How will the Employment Allowance reform coming into play from April 2020 affect my business?
What are the new changes coming into play?
With effect from 6 April 2020, employers with a National Insurance contributions (NICs) liability of £100,000 or more, or employers who are connected to other employers where their cumulative secondary Class 1 NICs liability is £100,000 or more, will no longer be able to claim the Employment Allowance.
The reform has been designed to revert the Employment Allowance to benefit smaller businesses, hence the limitation that companies will only be able to claim the Allowance moving forward if their NIC liability in the previous year was less than £100,000.
De minimis State Aid
The Employment Allowance moving forward will be operated as a de minimis State Aid, meaning businesses will need to be aware if they are already claiming any other de minimis State aid(s). There is a three year cap on the total de minimis State Aid a business can claim – this cap is €200,000 over a three year rolling period.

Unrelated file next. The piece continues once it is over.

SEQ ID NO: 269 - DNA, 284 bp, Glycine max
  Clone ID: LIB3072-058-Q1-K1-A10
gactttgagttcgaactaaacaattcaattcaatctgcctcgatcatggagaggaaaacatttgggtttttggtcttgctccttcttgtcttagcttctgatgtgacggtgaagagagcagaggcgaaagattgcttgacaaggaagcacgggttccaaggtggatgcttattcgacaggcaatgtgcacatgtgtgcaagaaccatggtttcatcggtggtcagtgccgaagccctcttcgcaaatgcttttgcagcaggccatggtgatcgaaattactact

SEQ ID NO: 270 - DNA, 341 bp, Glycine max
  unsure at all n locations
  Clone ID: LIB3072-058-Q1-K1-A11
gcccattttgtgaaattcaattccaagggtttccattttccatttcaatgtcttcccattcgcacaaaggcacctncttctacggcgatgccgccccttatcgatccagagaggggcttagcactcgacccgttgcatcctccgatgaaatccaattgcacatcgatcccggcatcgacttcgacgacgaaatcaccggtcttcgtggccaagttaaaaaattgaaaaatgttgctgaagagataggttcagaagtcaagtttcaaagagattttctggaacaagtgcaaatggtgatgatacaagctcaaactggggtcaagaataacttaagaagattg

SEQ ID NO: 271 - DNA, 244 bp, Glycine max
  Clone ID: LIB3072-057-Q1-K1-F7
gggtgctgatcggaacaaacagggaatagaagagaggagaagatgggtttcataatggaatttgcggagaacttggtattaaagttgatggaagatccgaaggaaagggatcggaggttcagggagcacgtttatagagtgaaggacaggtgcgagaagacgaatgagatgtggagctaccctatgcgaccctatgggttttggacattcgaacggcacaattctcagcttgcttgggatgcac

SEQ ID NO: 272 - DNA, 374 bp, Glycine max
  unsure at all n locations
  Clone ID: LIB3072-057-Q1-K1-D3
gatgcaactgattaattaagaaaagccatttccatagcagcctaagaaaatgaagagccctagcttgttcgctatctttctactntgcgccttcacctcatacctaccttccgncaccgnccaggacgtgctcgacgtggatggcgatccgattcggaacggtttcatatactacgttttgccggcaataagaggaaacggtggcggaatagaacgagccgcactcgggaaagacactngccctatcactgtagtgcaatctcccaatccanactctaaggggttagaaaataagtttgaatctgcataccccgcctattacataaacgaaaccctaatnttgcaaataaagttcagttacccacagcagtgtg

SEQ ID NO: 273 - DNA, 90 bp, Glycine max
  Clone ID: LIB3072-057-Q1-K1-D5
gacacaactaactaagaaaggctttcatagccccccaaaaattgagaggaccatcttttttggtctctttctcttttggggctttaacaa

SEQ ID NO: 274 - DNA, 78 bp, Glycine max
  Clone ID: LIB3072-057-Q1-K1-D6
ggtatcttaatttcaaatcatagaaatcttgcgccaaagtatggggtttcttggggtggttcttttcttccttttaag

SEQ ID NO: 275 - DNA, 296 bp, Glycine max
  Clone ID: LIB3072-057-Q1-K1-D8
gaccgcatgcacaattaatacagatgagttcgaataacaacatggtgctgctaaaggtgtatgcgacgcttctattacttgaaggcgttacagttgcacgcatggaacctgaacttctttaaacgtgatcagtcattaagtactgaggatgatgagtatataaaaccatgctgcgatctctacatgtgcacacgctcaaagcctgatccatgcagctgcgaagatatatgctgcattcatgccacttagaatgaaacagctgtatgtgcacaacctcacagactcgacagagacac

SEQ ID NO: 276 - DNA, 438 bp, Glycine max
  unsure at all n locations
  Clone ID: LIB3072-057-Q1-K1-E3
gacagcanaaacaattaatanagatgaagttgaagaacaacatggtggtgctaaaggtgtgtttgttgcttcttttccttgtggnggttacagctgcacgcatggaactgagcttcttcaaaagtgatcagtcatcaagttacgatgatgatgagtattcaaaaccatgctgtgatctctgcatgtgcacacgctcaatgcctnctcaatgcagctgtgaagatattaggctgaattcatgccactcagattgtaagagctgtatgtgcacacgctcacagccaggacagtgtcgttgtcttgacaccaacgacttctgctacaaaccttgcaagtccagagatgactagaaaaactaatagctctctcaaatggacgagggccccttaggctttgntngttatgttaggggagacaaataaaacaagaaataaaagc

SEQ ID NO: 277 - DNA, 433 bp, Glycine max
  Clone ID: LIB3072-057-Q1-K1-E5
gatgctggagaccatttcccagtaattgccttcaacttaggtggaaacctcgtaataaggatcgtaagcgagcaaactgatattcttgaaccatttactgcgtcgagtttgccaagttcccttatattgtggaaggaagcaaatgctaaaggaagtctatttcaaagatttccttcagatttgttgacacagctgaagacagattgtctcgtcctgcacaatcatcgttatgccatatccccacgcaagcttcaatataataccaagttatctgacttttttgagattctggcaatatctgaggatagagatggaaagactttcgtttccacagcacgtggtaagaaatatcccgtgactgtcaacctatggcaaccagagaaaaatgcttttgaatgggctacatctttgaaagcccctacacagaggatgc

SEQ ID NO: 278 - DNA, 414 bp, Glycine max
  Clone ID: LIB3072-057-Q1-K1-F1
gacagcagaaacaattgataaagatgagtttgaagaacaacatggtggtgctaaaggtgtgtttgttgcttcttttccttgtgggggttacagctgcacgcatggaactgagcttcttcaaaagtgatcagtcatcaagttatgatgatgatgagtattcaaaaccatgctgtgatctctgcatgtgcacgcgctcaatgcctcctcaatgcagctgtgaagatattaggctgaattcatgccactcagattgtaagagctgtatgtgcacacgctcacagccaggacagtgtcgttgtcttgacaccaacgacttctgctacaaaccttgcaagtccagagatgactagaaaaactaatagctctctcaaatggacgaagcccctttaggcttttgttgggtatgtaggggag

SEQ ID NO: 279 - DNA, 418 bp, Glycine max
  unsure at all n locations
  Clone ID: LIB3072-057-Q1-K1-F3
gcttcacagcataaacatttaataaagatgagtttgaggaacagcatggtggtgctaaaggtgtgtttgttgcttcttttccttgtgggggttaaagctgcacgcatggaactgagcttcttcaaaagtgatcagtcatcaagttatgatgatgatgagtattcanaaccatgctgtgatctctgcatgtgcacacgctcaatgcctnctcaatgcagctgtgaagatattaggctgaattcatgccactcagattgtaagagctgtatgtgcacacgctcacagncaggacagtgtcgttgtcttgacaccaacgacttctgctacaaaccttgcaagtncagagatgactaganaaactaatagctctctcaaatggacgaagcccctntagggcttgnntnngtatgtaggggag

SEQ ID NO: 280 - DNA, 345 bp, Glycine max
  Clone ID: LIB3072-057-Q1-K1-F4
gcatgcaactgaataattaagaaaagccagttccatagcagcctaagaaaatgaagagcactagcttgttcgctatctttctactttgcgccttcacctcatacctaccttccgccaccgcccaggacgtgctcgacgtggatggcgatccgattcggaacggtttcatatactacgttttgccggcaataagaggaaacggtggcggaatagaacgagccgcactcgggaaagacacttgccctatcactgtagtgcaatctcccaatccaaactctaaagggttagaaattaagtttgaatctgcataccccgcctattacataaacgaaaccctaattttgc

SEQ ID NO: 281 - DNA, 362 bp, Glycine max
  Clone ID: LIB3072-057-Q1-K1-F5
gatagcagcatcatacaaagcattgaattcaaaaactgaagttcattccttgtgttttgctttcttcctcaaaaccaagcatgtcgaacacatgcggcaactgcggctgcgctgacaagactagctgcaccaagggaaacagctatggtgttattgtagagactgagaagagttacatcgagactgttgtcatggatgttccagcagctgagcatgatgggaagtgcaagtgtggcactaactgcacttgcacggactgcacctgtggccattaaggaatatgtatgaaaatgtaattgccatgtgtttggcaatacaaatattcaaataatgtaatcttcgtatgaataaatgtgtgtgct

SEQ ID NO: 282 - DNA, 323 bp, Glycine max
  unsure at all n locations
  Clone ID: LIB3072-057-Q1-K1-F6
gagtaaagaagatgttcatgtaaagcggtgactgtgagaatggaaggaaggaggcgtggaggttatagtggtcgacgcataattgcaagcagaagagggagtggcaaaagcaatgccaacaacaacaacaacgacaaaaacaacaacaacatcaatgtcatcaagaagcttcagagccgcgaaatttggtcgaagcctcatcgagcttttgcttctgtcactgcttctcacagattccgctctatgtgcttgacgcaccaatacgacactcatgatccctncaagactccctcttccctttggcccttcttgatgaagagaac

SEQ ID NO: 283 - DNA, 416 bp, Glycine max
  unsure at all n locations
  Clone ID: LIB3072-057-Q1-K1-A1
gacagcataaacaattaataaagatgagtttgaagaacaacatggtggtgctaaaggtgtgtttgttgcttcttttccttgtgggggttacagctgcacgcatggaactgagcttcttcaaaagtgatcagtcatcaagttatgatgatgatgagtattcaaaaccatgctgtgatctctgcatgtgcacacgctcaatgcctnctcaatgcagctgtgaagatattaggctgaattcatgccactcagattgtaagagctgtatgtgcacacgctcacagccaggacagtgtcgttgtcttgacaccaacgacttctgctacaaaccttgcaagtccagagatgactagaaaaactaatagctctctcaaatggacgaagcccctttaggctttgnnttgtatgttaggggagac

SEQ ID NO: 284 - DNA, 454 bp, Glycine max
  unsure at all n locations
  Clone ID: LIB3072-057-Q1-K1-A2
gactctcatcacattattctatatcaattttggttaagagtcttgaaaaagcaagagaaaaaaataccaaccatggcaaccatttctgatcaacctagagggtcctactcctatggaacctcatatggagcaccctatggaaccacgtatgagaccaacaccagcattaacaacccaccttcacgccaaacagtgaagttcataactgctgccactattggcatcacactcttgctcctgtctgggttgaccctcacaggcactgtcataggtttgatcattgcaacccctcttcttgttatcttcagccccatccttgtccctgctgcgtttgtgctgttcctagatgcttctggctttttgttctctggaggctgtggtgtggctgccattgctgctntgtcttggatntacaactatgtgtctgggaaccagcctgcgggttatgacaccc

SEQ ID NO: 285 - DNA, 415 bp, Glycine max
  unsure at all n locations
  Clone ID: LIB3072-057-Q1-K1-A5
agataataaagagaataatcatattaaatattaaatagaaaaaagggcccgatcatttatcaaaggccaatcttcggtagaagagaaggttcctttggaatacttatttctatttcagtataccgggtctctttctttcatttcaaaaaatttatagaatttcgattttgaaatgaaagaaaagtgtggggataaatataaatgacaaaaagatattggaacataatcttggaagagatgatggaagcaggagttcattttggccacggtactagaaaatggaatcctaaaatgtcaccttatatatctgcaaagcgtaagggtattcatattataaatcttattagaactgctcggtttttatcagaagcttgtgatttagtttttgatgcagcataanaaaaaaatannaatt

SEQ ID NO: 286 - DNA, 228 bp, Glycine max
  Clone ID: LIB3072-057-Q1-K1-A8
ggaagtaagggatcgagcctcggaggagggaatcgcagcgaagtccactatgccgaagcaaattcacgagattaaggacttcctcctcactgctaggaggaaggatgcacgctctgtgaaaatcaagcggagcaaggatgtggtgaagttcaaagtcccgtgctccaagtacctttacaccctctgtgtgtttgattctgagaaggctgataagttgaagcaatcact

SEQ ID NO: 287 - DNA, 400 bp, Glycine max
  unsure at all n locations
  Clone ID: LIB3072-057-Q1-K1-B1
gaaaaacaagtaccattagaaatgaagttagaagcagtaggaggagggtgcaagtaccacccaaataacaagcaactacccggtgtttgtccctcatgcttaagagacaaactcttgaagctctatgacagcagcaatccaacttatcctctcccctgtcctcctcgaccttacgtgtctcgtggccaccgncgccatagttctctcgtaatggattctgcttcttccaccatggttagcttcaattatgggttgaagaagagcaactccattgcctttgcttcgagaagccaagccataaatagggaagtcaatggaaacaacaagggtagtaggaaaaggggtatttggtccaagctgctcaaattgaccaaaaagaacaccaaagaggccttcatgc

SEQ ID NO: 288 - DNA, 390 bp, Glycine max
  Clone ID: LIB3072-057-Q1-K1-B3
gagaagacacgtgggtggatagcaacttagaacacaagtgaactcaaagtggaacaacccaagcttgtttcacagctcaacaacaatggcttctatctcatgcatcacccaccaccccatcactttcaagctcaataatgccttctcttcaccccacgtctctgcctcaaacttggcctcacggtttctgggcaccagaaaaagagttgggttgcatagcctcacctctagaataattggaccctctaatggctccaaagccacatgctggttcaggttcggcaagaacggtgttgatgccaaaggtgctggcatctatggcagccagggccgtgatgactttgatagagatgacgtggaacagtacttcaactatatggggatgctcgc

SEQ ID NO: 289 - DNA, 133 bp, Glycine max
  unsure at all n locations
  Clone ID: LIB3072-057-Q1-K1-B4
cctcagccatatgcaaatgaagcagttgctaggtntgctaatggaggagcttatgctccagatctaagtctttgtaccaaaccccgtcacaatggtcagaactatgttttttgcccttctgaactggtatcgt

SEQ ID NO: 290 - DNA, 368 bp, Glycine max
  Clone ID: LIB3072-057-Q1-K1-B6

Employers will need to ensure they have room on their rolling €200,000 cap to accommodate the full £3,000 Employment Allowance, regardless of whether they would use the full £3,000 allowance. Employers who are connected must ensure that the cumulative value of all secondary Class 1 NICs or State aid across all connected companies does not exceed the relevant limits.
How can I claim if my company is eligible?
A company could get up to £3,000 a year off their National Insurance bill if they are an employer.
The allowance will reduce your employers’ (secondary) Class 1 National Insurance each time you run your payroll until the £3,000 has been reached or the tax year ends (whichever is sooner).
You can only claim against Class 1 National Insurance you’ve paid, up to a maximum of £3,000 each tax year. You can still claim the allowance if you pay less than £3,000 a year.
Employment Allowance claims will need to be submitted each tax year. Claims will not automatically roll over from the previous tax year. Look out for more information in the coming months.
Please see the below link to the consultation documents from GOV.UK:
In association with Croner Taxwise
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